. . . Carved by glaciers, the steep cliffs and sharp edges of the islands create natural barriers and divert tides flowing from the Strait of Juan de Fuca past Whidbey and Fidalgo Islands. Deep, mist-shrouded forests add a touch of mystery to the appearance. Tidal flow can be extremely rough and low tides create standing waves, huge whirlpools and roiling eddies. With the small islands (Ben Ure, Strawberry and Pass) between them, Whidbey and Fidalgo Islands appeared to many early explorers to be sides of a small bay or perhaps the mouth of a river. It probably looked too dangerous to sail into the waters of the pass. . .
. . . European and U.S. settlers arrived in the mid-19th century and the pass entered a new era. Smugglers of people and goods found the waters and islands of Deception Pass good for their nefarious business dealings. With steep cliffs and craggy edges, the pass appeared to have strategic military value. In 1866, more than a thousand acres were set aside for a military reservation that was partially fortified during World War I. From 1910-14, a prison rock quarry operated on the eastern side of Fidalgo Island with barges taking the quarried rock to the developing Seattle waterfront. In the 1920s, the military sold its land to Washington State who set it aside for a park in 1923. Small boats ferried travelers between Fidalgo and Whidbey over the swirling waters of the Pass. To call the ferry, they banged a saw with a mallet, sat back and waited.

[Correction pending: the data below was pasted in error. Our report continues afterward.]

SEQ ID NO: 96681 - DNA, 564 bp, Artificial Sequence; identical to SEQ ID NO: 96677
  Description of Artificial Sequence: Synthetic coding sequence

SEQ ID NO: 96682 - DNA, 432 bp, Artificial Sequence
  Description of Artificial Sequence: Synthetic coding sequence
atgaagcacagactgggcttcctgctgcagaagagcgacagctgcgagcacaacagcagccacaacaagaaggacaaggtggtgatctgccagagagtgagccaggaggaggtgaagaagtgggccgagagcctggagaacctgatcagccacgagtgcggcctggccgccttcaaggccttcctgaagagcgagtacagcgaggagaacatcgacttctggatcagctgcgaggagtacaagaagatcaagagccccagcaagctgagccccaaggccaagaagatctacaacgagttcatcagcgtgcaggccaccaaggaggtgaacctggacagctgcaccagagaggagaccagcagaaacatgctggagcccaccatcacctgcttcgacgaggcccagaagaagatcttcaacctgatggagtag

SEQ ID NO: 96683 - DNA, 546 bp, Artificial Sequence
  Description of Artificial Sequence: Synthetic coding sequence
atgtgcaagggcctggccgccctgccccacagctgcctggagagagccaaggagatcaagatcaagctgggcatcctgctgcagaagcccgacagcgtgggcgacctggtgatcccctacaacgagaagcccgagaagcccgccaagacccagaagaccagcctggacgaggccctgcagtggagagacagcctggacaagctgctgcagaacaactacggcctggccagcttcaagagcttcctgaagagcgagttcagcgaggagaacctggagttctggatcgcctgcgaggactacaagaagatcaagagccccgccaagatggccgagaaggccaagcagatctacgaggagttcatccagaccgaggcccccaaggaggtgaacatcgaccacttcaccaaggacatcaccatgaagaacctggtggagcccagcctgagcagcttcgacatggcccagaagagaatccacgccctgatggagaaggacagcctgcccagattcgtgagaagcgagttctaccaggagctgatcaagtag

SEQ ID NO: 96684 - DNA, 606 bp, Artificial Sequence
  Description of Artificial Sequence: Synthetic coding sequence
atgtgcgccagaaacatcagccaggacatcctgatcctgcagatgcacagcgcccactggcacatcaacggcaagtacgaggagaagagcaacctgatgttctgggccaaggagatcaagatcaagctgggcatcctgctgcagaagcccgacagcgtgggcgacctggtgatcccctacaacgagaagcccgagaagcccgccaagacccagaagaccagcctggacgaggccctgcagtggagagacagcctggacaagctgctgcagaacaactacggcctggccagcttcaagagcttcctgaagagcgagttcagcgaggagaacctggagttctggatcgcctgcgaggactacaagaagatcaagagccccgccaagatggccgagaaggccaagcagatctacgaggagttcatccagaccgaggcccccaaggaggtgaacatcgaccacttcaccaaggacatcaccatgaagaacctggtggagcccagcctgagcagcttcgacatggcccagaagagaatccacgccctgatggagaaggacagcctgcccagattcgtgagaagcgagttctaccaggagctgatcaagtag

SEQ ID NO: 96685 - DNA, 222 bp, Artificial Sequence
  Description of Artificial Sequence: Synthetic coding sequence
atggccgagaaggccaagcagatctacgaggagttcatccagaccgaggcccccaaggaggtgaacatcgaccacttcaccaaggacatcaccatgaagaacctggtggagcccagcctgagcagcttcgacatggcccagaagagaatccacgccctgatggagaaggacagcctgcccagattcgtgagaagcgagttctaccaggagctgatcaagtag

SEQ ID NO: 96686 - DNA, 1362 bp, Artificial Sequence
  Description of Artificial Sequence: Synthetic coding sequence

By 1900, the idea of a bridge increasingly gained popularity. . . a model was built and displayed at the Alaska-Yukon Expedition in Seattle (1909). In 1918, the bridge was promoted as a necessary war effort and in 1921 state legislators wrote an appeal to Congress citing its military importance. The American Legion helped form the Deception Pass Bridge Association which encouraged state legislators to pass the 1929 Bridge Bill. The bridge's time was coming. . .
. . .During the Great Depression, the Public Works Administration sent the Civilian Conservation Corps (CCC) to build park facilities and bridge approaches. . . About 200 young men built kitchen shelters, ranger residences, roadways, trails, restrooms and the log railings along the highway. In less than one year, from August 1934 to July 31, 1935, the bridge fabricator Puget Construction Company of Seattle built the two-span bridge. CCC workers helped build the road bed leading to the bridge.